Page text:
• 1992, Smith Center – Undefeated and top-ranked Duke loses by two when Christian Laettner failed on two shots in the final seconds. One of only two Duke losses that season on their way to their second straight national title.
  • 1995, Cameron – Duke, on it’s way to a 13-18 season and at the time 0-7 in conference, took the #2 ranked Tar Heels to double-overtime before UNC wins by two. This game included one of the most memorable shots in series’ history when Duke’s Jeff Capel hit a half-court shot to send the game to the second overtime.
  • 2000, Smith Center – UNC’s Joe Forte hits a three-pointer at the buzzer to force overtime after Duke had led by as many as 19 points in the second half. However, Duke holds off the Heels in OT for a four point win.
  • 2001, Cameron – Duke, on it’s way to it’s third national championship, falls to the Tar Heels after a foul by Shane Battier gives Brendan Haywood two free throws in the final seconds.
  • 2004, Smith Center – Jawad Williams hits a three to tie the game in the final seconds before Duke’s Chris Duhon takes the inbounds pass and drives the length of the court for a game-winning reverse layup.
  • 2005, Smith Center – Eventual national champion Carolina, down by nine with three minutes remaining, storms back to win in the final minute and avoid a season sweep by Duke.

And I know there are many more. ESPN Classic is playing classic Duke-UNC games during the day this week, including some of the above games. I recorded two yesterday and will be recording two more tomorrow which I plan to save on DVD. There are so many great games in this rivalry, by two programs that are consistently not only at the top of the conference, but among the top teams in the nation as well. As I said, I plan to say more about it tomorrow, but I don’t think there’s anything better in sports than Duke-Carolina basketball. It’s absolutely the best.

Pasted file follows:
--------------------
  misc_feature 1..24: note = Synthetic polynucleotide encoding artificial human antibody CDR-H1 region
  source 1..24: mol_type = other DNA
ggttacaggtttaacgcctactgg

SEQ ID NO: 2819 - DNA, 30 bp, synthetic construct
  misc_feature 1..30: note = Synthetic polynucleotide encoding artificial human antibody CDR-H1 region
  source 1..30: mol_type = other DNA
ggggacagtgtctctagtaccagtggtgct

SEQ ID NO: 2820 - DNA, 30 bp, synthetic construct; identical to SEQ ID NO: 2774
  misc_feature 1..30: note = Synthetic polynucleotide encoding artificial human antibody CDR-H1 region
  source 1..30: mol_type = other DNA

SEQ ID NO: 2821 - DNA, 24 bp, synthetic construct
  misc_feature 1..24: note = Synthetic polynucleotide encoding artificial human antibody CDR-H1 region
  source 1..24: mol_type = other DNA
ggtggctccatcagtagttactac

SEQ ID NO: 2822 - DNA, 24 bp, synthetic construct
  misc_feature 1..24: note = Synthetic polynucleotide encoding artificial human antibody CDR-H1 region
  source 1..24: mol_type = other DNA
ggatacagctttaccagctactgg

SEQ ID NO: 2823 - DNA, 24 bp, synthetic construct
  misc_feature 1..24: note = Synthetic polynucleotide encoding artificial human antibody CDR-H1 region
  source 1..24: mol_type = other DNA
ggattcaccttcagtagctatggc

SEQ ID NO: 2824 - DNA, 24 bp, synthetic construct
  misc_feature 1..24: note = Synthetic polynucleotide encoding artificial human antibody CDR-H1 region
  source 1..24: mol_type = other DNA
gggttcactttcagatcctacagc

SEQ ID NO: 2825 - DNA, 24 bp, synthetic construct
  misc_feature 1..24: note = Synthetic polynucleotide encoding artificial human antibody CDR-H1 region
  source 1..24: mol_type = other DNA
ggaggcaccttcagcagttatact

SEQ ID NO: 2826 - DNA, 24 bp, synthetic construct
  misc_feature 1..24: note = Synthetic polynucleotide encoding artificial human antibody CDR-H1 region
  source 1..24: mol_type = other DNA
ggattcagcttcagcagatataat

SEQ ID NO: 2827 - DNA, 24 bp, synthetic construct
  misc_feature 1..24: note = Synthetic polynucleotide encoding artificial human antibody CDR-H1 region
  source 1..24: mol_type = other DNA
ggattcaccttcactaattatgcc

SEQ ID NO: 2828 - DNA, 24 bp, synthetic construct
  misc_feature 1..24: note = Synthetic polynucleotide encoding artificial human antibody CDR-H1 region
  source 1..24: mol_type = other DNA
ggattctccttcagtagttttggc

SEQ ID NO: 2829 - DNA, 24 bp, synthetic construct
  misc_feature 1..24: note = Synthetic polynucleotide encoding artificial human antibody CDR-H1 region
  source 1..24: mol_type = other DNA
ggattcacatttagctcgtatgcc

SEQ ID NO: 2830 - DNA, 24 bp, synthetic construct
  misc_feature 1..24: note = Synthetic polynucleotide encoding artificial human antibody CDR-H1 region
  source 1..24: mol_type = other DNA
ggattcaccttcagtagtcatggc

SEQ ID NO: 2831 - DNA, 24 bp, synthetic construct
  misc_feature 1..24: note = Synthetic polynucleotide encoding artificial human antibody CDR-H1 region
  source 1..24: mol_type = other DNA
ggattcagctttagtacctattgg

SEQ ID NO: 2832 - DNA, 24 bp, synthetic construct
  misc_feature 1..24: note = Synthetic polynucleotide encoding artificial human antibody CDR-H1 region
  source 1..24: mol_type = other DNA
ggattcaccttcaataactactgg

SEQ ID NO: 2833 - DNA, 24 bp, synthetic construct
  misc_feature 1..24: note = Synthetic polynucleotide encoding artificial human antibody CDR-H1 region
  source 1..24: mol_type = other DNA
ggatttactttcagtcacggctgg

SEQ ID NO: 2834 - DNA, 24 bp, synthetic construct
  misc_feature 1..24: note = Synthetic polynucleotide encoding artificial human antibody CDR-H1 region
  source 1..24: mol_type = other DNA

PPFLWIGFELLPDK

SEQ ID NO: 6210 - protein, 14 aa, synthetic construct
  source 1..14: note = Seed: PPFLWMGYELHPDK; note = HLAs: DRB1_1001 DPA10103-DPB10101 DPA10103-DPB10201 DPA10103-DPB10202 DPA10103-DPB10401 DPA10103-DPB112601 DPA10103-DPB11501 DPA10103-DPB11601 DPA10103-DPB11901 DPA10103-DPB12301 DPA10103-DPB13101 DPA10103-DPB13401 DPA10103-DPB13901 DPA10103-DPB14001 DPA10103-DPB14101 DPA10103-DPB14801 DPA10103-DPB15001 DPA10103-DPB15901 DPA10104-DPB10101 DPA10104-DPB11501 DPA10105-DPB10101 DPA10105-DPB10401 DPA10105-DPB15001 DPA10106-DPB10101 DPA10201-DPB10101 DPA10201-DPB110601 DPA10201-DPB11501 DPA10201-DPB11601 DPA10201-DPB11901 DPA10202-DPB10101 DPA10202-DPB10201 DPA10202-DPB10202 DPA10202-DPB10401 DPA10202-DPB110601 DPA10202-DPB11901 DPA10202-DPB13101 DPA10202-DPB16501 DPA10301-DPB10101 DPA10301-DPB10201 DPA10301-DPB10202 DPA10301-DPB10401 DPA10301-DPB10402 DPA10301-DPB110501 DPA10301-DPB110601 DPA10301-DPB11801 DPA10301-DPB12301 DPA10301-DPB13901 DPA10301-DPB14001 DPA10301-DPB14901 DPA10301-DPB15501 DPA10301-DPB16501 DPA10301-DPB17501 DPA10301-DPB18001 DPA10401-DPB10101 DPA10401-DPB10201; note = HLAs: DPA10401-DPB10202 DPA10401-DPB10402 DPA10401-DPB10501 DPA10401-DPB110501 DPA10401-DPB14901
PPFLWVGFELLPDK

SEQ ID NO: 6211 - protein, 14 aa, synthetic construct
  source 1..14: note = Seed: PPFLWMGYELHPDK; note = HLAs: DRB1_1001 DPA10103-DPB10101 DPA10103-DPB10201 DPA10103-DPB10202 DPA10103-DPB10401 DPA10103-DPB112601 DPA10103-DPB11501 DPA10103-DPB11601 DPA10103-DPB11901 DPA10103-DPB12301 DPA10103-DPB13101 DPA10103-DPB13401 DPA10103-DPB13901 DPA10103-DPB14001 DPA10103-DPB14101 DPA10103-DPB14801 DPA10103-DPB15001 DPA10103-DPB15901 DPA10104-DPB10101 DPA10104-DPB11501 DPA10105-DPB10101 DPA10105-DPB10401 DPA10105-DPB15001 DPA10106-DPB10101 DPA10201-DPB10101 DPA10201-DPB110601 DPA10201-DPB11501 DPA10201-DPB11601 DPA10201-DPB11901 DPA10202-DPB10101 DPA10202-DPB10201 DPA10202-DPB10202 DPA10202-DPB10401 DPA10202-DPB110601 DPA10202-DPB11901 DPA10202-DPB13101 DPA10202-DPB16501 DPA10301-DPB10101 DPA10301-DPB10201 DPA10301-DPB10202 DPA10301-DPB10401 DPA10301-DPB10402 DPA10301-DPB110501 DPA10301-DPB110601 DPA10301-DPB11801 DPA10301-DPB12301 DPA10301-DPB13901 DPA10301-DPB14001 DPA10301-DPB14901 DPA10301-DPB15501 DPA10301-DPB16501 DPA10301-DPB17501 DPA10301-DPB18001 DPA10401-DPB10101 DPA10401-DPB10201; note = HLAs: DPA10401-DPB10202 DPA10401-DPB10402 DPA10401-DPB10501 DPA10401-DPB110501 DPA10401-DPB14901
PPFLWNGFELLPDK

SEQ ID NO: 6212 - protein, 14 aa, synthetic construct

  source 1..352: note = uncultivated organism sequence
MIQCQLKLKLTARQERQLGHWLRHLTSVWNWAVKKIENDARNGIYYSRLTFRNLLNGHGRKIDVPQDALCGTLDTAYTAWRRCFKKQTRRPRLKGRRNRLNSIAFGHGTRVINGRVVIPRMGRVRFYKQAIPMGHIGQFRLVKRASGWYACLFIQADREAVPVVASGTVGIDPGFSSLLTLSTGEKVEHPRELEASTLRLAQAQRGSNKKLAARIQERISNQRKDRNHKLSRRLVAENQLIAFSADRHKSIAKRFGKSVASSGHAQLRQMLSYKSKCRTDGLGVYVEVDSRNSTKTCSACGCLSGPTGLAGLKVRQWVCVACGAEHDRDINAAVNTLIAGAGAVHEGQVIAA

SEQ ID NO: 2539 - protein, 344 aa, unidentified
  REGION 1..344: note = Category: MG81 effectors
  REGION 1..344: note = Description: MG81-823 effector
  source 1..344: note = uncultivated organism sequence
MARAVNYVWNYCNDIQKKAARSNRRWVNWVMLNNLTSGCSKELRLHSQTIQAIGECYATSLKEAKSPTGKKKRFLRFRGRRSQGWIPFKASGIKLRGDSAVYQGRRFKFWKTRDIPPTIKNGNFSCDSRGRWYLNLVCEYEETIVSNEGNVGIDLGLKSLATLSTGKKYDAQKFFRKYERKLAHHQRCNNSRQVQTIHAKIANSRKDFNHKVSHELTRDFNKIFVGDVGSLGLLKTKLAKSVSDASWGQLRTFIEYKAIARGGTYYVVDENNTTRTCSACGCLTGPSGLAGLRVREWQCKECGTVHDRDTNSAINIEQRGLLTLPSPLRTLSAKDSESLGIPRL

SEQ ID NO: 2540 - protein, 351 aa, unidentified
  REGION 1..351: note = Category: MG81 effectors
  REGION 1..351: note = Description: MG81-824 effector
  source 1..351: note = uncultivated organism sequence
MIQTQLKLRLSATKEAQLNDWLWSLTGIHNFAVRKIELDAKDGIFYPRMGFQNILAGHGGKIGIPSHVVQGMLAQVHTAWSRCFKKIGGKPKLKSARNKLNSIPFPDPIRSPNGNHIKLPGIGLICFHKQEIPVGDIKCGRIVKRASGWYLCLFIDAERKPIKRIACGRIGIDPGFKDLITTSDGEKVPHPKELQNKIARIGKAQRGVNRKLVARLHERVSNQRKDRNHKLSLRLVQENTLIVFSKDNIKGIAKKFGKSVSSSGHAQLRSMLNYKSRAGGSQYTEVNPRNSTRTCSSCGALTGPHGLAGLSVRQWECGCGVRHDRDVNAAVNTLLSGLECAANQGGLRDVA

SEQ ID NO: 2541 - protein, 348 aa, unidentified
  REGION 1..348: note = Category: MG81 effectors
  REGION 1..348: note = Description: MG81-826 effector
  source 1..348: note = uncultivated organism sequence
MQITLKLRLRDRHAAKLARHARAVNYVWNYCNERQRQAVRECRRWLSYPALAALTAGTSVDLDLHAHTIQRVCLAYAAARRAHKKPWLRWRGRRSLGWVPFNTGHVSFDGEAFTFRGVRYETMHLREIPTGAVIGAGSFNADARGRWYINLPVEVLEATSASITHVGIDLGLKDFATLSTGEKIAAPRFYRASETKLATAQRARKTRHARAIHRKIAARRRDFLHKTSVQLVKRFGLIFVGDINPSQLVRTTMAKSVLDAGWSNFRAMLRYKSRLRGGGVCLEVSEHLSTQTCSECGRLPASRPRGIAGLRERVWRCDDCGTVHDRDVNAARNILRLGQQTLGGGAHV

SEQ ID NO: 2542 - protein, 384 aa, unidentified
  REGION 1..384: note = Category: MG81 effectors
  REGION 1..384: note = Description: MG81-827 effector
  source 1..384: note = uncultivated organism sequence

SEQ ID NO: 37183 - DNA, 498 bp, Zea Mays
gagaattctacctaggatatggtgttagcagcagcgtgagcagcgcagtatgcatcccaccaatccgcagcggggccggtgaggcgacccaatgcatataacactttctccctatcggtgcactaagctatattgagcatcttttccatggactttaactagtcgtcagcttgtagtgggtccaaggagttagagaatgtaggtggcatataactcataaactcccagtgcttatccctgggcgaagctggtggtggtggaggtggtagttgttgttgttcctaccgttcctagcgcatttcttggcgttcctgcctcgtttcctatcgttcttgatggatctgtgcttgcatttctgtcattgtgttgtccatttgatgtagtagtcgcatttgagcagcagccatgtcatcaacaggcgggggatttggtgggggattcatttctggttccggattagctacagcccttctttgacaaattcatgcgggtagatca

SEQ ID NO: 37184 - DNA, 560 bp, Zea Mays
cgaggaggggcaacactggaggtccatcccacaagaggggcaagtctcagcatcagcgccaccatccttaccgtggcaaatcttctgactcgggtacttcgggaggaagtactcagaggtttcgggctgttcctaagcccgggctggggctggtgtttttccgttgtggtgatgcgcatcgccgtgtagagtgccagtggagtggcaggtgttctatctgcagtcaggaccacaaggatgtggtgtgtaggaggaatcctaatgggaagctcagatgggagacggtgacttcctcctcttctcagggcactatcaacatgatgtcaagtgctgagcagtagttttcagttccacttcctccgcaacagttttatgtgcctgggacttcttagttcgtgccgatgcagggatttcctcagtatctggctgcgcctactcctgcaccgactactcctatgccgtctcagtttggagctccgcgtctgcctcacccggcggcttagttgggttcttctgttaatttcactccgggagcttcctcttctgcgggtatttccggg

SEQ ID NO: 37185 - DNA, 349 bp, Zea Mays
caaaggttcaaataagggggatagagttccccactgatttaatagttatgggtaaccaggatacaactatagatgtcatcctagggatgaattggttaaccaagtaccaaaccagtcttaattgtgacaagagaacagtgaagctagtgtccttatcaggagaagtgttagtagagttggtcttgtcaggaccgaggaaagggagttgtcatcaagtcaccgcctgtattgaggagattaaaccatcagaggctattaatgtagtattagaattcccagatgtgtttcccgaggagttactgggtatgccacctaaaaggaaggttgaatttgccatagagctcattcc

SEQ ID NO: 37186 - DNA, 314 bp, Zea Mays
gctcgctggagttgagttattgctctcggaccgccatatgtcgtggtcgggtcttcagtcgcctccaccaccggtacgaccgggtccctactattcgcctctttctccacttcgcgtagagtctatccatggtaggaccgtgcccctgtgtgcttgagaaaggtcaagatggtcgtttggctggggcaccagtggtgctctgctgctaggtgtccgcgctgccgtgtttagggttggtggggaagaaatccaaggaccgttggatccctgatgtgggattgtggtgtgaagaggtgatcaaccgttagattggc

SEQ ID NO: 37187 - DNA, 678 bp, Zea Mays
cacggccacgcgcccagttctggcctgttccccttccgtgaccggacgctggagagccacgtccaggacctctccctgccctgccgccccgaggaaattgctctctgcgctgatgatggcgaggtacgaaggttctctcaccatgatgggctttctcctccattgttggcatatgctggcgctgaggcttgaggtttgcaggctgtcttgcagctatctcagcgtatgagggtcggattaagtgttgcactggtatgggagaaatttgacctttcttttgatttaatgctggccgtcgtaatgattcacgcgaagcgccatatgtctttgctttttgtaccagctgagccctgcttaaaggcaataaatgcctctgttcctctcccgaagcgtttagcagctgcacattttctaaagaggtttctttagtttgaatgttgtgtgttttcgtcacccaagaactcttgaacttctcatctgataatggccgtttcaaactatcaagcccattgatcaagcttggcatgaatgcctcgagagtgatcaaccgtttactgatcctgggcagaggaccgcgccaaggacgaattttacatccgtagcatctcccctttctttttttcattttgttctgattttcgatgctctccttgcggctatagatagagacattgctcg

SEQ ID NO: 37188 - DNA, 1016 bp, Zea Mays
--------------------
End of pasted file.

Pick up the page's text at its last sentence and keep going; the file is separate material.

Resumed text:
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To hate like this…

The day has arrived. February 6, 2008. The most anticipated day of every year for Duke and North Carolina fans. The day, this year, that #2 and #3 will face off. The day as glorious as any other day of the year, and more so then most. The first meeting between the Devils (19-1, 7-0) and the Heels (21-1, 6-1).

Why the first Wednesday in February – normally the day this game takes place – is not a national holiday remains incomprehensible to me.

In preparation for this game and the second half of the ACC season, I began reading Will Blythe’s book To Hate Like This Is to Be Happy Forever : A Thoroughly Obsessive, Intermittently Uplifting, and Occasionally Unbiased Account of the Duke-North Carolina Basketball Rivalry last week. I bought this book nearly two years ago, but have just now gotten around to reading it. I always read at least one book on college basketball during January and/or February, and this is mine for this year.